An enormous fiery flow of lava is engulfing a road in Iceland, after the third volcanic eruption in the same area in recent months.
Iceland’s Meteorological Office says the Sylingarfell volcano, near Grindavik, is erupting again.
The spread of the hot smoking flow was captured in extraordinary live footage from the scene.
At one point on Thursday morning, a work crew in what appeared to be a digger moved along a road towards the mass of lava as it edged towards them.
Footage also showed a car on the road in the path of the lava.
Both vehicles eventually turned and moved away, leaving it almost until the last minute to leave as thick black smoke rose above the flow.
The Blue Lagoon spa, one of the island nation’s biggest tourist attractions, has once again been evacuated because of the volcanic danger.
The latest eruption began at about 6am UK time along a nearly two-mile fissure northeast of Mount Sundhnukur, according to the Icelandic Meteorological Office.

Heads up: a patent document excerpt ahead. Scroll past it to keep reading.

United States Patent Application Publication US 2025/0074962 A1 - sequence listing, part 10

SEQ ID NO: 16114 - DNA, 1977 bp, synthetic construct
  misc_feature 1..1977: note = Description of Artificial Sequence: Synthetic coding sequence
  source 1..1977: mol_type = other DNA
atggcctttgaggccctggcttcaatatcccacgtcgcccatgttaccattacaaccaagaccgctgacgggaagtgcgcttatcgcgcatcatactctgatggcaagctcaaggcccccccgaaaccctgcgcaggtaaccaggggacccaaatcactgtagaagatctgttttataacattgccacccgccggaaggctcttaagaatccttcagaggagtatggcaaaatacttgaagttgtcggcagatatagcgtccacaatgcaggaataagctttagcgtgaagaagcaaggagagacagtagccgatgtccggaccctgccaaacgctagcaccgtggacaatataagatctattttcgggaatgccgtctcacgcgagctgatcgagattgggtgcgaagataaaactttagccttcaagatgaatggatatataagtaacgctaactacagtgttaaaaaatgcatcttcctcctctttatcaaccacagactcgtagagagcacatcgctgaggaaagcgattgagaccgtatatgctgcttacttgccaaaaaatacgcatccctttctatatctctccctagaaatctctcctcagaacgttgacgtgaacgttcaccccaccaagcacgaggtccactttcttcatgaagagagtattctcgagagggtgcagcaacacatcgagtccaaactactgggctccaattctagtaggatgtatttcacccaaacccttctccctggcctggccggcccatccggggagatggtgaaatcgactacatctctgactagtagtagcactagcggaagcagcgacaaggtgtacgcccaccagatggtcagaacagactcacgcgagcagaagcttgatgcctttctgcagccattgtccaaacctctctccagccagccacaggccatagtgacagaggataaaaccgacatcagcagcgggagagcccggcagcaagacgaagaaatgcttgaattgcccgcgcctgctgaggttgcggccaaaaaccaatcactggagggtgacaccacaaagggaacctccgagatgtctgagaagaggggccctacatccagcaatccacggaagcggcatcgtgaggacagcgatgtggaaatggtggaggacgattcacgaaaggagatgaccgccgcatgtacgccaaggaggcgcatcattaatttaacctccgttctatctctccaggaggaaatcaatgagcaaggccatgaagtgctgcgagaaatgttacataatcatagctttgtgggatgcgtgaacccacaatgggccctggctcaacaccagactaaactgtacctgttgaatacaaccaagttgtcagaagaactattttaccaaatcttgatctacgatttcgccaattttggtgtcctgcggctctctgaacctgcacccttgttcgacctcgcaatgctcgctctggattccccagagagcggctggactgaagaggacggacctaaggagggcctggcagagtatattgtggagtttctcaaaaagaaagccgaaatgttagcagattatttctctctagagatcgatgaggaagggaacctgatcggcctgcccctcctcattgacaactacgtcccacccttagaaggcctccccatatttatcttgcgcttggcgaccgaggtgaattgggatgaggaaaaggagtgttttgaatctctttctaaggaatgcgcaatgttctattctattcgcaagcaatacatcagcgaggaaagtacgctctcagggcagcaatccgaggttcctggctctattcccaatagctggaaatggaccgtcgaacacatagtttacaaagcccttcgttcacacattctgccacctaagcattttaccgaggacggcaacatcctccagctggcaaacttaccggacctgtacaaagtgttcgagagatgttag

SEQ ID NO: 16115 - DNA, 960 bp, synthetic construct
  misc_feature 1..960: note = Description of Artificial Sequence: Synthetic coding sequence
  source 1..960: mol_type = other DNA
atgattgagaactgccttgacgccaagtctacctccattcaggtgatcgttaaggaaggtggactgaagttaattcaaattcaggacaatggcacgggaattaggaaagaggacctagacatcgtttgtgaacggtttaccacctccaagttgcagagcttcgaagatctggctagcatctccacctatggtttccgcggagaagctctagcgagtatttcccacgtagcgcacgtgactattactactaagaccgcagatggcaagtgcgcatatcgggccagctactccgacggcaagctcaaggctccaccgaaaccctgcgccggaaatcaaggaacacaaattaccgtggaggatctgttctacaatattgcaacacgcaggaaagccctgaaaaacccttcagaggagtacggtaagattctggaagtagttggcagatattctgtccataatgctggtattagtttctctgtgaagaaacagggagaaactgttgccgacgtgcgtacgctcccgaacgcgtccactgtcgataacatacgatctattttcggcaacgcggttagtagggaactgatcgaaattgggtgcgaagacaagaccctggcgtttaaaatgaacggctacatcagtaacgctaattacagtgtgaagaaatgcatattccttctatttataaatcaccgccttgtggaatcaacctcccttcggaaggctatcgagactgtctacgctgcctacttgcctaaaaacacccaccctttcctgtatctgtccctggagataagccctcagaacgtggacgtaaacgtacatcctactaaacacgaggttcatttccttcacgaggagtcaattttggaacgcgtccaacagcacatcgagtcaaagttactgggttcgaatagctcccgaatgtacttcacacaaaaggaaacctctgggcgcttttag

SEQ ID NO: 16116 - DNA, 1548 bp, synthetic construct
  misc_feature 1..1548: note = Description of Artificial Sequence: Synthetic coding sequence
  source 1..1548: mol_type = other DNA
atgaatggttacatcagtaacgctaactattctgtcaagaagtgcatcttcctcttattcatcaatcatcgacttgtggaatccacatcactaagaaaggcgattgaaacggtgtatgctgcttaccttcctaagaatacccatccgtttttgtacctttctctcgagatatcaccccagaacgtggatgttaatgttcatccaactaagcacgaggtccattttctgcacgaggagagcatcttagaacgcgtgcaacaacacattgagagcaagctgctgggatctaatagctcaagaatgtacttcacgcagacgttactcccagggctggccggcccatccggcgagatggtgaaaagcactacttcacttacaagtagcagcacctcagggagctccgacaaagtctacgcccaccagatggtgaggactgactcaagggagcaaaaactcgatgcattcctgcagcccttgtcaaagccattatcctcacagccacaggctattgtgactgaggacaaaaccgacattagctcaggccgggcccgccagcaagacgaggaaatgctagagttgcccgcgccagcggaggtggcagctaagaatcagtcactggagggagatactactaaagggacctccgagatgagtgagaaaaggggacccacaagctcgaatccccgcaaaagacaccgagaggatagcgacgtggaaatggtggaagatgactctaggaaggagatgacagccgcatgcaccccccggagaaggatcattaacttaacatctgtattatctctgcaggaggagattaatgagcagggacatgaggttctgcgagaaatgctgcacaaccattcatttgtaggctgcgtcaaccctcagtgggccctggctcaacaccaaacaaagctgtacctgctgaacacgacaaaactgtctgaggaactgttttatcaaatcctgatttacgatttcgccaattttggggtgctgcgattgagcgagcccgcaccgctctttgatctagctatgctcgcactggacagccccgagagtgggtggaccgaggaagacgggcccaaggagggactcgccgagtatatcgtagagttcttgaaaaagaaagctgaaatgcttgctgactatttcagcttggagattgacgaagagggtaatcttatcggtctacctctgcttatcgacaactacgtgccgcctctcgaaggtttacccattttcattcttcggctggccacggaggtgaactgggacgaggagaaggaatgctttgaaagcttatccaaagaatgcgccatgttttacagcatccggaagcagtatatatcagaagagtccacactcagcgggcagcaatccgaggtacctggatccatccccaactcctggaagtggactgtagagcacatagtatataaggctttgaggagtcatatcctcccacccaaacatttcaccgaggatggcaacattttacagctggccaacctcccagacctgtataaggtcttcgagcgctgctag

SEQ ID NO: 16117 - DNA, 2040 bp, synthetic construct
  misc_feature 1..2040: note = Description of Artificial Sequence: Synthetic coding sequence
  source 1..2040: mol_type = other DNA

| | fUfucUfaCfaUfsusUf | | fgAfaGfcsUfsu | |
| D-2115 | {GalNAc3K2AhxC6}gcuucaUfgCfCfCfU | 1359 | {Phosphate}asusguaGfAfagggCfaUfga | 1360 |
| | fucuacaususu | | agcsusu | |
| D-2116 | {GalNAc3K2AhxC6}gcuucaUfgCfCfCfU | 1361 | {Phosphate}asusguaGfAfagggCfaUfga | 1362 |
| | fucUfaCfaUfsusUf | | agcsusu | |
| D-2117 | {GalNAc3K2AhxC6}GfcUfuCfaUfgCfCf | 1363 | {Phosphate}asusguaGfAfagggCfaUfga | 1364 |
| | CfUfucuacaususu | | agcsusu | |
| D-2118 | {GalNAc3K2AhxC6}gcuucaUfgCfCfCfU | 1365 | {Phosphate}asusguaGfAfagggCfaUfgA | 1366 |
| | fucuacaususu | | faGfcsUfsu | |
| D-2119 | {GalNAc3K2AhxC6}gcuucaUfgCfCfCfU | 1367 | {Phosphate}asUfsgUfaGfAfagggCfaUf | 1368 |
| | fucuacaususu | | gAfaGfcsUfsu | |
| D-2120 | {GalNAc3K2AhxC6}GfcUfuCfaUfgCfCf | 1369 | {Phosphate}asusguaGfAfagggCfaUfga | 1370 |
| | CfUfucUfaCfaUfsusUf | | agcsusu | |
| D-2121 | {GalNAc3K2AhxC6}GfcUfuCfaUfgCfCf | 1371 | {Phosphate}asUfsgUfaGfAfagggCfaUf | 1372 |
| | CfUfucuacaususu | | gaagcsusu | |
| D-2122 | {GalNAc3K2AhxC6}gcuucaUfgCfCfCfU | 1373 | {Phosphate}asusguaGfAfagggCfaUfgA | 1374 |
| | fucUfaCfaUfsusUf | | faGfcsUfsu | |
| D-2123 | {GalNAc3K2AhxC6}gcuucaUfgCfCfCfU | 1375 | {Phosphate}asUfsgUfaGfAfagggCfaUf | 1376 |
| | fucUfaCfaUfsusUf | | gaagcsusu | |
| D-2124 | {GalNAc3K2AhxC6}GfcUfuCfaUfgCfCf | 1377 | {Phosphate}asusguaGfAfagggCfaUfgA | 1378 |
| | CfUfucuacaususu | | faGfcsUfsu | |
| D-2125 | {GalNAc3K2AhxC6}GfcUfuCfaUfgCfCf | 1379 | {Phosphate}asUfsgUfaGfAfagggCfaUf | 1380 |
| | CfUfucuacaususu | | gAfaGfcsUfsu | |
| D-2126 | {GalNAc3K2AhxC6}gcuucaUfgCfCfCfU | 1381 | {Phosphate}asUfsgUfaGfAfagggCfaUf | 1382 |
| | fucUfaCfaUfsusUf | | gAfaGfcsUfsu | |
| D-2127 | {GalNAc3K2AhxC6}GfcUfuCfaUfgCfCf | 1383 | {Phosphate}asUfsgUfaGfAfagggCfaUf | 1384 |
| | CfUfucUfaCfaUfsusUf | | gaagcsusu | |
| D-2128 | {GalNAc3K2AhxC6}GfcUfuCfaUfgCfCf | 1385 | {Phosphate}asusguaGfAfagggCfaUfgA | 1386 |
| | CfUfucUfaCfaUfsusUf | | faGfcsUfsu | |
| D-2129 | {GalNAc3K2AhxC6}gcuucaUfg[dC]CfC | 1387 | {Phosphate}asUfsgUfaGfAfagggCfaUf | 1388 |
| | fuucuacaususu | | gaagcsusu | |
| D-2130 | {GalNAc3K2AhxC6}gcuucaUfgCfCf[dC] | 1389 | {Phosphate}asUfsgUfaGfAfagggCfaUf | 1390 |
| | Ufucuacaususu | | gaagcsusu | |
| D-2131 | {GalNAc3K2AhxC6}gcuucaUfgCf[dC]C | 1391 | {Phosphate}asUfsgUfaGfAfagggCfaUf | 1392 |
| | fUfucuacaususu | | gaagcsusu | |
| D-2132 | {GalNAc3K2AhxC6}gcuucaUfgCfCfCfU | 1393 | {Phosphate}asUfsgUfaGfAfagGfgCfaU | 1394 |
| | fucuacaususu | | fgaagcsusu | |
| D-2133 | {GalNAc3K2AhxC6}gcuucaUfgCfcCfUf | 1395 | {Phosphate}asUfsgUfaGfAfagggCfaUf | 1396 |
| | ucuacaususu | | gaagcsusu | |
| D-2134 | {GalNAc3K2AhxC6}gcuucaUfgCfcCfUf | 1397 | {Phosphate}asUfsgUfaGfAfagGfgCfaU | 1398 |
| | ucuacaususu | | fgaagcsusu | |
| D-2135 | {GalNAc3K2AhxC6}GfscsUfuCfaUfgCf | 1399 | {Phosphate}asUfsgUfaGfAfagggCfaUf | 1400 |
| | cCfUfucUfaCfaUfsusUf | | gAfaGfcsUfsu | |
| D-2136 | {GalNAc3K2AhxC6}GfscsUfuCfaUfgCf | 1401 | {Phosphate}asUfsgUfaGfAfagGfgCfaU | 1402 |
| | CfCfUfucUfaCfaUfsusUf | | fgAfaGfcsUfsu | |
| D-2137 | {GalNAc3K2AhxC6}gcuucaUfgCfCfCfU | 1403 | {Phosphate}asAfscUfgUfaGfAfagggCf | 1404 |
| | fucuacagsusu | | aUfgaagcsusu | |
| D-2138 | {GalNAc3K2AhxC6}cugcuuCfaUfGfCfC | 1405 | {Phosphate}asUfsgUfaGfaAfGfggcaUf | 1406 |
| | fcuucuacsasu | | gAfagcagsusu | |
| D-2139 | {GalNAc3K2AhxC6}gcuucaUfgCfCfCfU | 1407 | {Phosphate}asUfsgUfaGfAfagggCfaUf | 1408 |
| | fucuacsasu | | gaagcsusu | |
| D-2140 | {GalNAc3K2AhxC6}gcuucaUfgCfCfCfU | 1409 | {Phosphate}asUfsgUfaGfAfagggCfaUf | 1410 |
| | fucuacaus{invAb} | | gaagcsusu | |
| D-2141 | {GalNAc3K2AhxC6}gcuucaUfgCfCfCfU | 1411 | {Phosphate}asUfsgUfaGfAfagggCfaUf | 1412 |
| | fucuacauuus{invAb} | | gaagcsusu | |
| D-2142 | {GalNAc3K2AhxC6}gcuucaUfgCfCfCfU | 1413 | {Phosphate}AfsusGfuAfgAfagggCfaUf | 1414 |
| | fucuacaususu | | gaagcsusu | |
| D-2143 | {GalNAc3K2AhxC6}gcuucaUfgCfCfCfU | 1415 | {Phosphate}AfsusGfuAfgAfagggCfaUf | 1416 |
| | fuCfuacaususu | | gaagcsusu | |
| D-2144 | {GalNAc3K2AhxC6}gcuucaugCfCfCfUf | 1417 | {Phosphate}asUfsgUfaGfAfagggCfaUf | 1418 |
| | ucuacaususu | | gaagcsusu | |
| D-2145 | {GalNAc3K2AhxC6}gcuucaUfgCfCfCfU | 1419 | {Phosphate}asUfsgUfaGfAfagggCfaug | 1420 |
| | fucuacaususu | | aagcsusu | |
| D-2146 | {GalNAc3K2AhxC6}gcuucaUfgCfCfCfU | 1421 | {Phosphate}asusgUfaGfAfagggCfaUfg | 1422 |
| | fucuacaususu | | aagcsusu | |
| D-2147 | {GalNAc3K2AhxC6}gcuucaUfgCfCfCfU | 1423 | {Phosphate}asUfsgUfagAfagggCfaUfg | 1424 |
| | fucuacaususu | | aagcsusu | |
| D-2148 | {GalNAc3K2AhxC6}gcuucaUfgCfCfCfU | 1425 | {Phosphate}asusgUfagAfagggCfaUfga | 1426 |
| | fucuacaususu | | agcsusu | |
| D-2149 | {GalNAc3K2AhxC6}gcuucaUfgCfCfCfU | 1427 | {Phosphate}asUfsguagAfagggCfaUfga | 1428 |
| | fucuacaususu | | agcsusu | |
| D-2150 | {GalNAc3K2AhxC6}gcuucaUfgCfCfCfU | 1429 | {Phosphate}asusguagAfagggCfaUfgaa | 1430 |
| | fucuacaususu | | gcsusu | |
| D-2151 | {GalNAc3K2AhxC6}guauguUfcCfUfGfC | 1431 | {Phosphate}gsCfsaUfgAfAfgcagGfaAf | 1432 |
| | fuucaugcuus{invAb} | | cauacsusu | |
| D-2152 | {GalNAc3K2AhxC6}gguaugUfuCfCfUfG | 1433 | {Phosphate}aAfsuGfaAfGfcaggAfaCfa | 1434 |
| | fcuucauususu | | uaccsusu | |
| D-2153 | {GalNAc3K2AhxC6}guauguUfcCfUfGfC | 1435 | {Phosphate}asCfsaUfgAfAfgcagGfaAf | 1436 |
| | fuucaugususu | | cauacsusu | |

Grindavik, a coastal town of 3,800 people, was evacuated before a previous eruption on 18 December last year. The town is only a couple of miles away from the new eruption.
The Icelandic Met Office said lava was flowing to the west and there was no immediate threat to Grindavik or to a major power plant in the area.
Civil Defence officials said no one was believed to be in the town at the time of the eruption, Icelandic national broadcaster RUV reported.
Earlier this week Iceland’s Met Office had warned of a possible eruption after monitoring a build-up of subsurface magma for the past three weeks.
The amount of accumulated magma or semi-molten rock was similar to the amount released during an eruption in January.
Hundreds of small earthquakes had been measured in the area since last Friday, followed by a burst of intense seismic activity about half an hour before the latest eruption began.
It was the third eruption since December of the volcanic system on the Rekyjanes Peninsula, which is home to Keflavik, Iceland’s main airport, though there was no disruption reported at the airport.
The last eruption in the area on 14 January lasted roughly two days, with lava flows reaching the outskirts of Grindavik, whose nearly 4,000 residents had been evacuated, setting some houses alight.
Iceland sits above a volcanic hot spot in the North Atlantic and averages one eruption every four to five years.
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